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Comparing plan values

Is it possible to compare different employers’ pension plans?

Buck Consultants in Geneva certainly thinks so and has devised for the Swiss market a method of calculating a ‘technical value’ for each employer’s plan. The exercise was based on a database consisting mainly of internation-al companies operating in Switzerland.

We have established a systematic, objective technical valuation method, which has been used to assign a value to each benefit of each plan and for the aggregate value of each employer’s plan,” the consultant claims.

The aim is to set up a procedure to assign value. For example, if two plans are identical except that one’s benefits are exactly double the other’s, its technical value will be double. But the consultant recognises that this will not occur in practice, so the methodology assigns values separately to each benefit, but in a way that correctly reflects the difference in value between them.

Values are calculated and expressed as a constant proportion of payroll payable throughout the career of the member, for both defined contribution (DC) and de-fined benefit (DB) schemes, as well as for the risk benefits.

To do this, the consultant says the “individual entry normal constant percent” actuarial cost method has been adopted. “The so-called ‘normal cost’ of a plan under this method is the constant percentage payable from entry to exit for each individual participant.”

In the case of a DC plan with a constant contribution rate, the normal cost is in fact equal to that contribution rate. But for a DB plan, the future pension benefit is projected, then converted into the capital equivalent and the constant payroll percentage required to obtain that projected benefit is calculated.

In its initial study, Buck says it has evaluated all plans as-suming an identical employee profile. The profile is a 45-year-old man on a current salary of Sfr100,000 ($68,000), who entered the plan at age 35, married with two children.

As the technical valuation process consists of projecting the amount of future benefits paid out by the plans and converting these future amounts in the form of constant percent annual contributions, a number of assumptions need to be made. These include: a 4% interest rate, which is used to convert future amounts into present values and an-nual contributions; for DC plans the rate of return credited to accounts is also put at 4%; salary growth rates are put at 3.5% pa. Other as-sumptions are basing mortality and disability on specified Swiss tables, using set leaving service probability figures. The actual figures used for leaving probabilities at age 45 are 1.2%, at age 50, 0.4%, and at age 55, 0%. These are low probabilities and result in the assignment of “relatively low value to the leaving benefits of the plan”.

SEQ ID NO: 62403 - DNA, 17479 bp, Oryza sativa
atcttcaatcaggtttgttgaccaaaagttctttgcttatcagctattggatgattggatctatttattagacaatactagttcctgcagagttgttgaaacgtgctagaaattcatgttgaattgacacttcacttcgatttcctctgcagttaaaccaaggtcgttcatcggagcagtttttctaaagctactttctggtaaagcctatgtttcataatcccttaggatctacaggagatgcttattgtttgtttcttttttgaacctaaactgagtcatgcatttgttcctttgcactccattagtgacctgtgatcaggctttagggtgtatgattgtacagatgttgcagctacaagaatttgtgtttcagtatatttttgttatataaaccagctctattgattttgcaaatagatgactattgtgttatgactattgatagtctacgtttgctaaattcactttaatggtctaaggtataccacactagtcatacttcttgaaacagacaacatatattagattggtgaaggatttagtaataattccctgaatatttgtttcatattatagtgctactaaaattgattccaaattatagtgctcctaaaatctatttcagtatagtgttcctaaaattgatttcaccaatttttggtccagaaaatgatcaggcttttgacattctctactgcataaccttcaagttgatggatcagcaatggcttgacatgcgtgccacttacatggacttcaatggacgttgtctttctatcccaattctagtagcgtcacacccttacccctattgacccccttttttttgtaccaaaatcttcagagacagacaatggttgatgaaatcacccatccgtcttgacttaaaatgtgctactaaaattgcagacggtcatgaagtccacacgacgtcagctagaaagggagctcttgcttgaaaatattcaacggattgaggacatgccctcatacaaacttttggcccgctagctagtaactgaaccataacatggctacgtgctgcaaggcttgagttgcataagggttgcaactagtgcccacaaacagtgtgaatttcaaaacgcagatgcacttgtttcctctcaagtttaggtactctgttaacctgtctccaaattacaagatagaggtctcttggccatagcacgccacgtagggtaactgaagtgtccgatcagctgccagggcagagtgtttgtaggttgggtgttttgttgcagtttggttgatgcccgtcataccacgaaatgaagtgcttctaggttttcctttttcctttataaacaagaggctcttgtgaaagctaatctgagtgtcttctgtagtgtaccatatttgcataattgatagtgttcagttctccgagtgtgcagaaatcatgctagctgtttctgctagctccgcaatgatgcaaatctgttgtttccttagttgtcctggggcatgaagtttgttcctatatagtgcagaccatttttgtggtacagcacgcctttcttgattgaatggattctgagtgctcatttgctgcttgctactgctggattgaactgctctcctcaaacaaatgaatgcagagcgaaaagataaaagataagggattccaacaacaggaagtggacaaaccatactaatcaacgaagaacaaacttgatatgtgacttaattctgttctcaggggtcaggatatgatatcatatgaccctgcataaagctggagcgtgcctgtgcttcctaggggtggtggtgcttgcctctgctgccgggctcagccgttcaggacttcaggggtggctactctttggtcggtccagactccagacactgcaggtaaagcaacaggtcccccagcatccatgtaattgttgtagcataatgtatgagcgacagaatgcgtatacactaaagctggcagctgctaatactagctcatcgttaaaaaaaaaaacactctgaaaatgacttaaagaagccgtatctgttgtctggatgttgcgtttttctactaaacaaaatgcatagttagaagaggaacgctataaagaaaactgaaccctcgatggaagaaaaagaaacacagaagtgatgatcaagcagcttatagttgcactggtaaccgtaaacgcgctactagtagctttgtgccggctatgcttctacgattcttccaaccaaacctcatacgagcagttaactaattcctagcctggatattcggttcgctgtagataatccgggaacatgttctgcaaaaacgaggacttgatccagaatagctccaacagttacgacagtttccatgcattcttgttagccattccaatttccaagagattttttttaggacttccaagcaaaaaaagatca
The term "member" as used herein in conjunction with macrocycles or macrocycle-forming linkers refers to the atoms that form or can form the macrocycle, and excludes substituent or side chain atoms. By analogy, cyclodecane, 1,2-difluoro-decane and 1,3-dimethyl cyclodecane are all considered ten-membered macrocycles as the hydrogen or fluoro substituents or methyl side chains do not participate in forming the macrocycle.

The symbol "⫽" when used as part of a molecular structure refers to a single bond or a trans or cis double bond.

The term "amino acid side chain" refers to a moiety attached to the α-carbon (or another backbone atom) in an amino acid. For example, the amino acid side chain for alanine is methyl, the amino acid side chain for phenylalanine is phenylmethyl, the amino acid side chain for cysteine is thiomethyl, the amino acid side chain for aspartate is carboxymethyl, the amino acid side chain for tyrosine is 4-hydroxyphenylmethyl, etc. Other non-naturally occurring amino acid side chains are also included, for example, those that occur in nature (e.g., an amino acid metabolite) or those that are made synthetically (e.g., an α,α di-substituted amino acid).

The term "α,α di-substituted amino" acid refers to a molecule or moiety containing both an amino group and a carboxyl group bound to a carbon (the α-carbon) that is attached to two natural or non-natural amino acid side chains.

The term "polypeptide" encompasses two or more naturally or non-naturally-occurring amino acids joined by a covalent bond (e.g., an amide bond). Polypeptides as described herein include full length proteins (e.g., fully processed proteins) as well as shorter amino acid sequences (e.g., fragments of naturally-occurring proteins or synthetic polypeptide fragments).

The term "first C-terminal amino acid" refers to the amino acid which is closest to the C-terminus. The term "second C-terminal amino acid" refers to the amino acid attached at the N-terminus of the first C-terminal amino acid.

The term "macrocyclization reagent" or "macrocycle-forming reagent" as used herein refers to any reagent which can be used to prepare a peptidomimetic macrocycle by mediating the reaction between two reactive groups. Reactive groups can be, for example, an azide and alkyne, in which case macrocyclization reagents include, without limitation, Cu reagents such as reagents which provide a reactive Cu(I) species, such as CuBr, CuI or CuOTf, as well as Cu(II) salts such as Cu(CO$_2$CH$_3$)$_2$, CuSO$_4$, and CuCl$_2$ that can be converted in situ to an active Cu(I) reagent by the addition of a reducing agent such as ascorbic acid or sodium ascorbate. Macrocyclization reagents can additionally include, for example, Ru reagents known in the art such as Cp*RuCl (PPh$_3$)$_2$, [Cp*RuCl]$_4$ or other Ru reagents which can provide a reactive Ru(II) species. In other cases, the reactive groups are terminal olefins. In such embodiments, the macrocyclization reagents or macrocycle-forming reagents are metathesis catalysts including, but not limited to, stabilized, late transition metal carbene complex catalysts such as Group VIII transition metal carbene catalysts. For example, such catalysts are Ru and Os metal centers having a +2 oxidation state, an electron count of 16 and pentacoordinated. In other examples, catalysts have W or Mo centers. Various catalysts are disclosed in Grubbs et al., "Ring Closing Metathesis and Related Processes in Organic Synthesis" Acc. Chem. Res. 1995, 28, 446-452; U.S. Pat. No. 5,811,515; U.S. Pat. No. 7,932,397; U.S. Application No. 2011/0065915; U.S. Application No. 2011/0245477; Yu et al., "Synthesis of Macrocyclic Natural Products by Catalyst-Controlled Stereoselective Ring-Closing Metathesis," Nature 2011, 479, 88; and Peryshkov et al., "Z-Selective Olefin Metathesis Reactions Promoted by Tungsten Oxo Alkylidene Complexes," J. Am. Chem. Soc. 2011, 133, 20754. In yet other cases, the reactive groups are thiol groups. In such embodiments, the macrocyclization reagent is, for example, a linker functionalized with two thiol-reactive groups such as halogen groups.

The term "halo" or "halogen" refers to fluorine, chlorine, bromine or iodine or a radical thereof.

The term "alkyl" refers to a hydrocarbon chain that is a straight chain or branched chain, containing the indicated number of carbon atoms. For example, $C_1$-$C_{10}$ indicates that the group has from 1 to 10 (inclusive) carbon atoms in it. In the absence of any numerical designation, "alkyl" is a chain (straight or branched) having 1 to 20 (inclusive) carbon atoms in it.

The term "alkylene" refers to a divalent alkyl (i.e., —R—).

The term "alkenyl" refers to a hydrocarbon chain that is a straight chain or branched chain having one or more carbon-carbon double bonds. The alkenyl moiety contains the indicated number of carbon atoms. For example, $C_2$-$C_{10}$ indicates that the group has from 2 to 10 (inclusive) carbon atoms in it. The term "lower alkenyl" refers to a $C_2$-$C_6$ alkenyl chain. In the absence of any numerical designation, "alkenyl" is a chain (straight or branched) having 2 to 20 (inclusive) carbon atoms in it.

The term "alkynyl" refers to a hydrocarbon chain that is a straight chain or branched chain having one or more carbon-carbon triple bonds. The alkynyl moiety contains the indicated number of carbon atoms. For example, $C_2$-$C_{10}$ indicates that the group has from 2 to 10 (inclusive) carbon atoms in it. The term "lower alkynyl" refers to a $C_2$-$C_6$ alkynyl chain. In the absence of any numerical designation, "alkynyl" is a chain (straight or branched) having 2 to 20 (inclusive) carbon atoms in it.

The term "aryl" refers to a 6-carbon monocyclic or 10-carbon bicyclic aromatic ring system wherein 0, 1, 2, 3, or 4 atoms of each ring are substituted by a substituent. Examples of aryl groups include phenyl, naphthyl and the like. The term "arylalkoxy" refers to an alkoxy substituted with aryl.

Plan participants are assum-ed to retire at age 61, given the pattern of earlier retirement in Switzerland. But the comparative calculations for age 55 and 65 retirrals should also be looked at, Buck says.

To arrive at the aggregate value, the retirement, death, disability and termination benefits of each plan are calculated and then totalled up for each plan. Where a plan is contributory, the actual proportion contributed by the employee is deducted, to ar-rive at an aggregate net value. Should the contribution not be a constant percent of total salary, an “equivalent constant percentage is calculated” and deducted.

A problem that can arise when arriving at the aggregate technical value is what the consultants refer to as a kind of ‘double counting’ of values. Taking the example of a DC plan with a 10% contribution rate of 10%, where on death, retirement, disability the benefit is always equal to the sum of the accumulated contributions plus interest, so the plan should have a value of 10%.

But if 80% of people retire, 4% will leave, 8% die and 8% become disabled, then “in a sense one may say that the retirement value is 8% (80% of the 10% total value), 0.4% is the termination benefit value and 0.8% each is the value of the death and disability benefits”. Under the conventions adopted, 10% is the value atributed to retirement benefits, being equal to the contribution rate, but to this would be added the 0.4% and the 0.8% twice for risk benefits, giving a plan value of 12%.

The median aggregate technical value of participating schemes was 20.83%, with the best case having a value of 32.64% and the worst 11.85% (see chart). Deducting employee contributions produced a median net aggregate figure of 15.49%, with a low of 5.38% and a high of 24.51%.

The consultant says that having set up the database, it is now possible to generate additional analyses, including changing the assumptions or having alternative employee profiles. Buck says that a systematic procedure that provides an index of value can be used to compare plans. But it adds: “We believe it to be dangerous and foolish to suppose that all the information that is needed about a pension plan can be summarised in a single figure.”

The consultant, in setting up the Swiss Pension Forum, which is open to companies that are not its clients, has created the database with details of pension and employee benefit plans. Altogether 37 companies provided sufficent information.

About two thirds of those taking part were private international companies, a quarter were Swiss private companies, with a number of Swiss public companies and international organisations. Among these were Amoco Chemicals (Eur-ope), Battelle, DHL, Digital Equipment, The Red Cross, Novartis, Hewlett Packard, Elma Electronic, Honeywell Lucifer, Merck, Motorola (Suisse),Otis, Union Carbide Europe.

A fifth were in engineering technology,with financial services and banking ac-counting for around 18%, chemicals and pharmaceuticals 13%, and computer and high tech 11%. “

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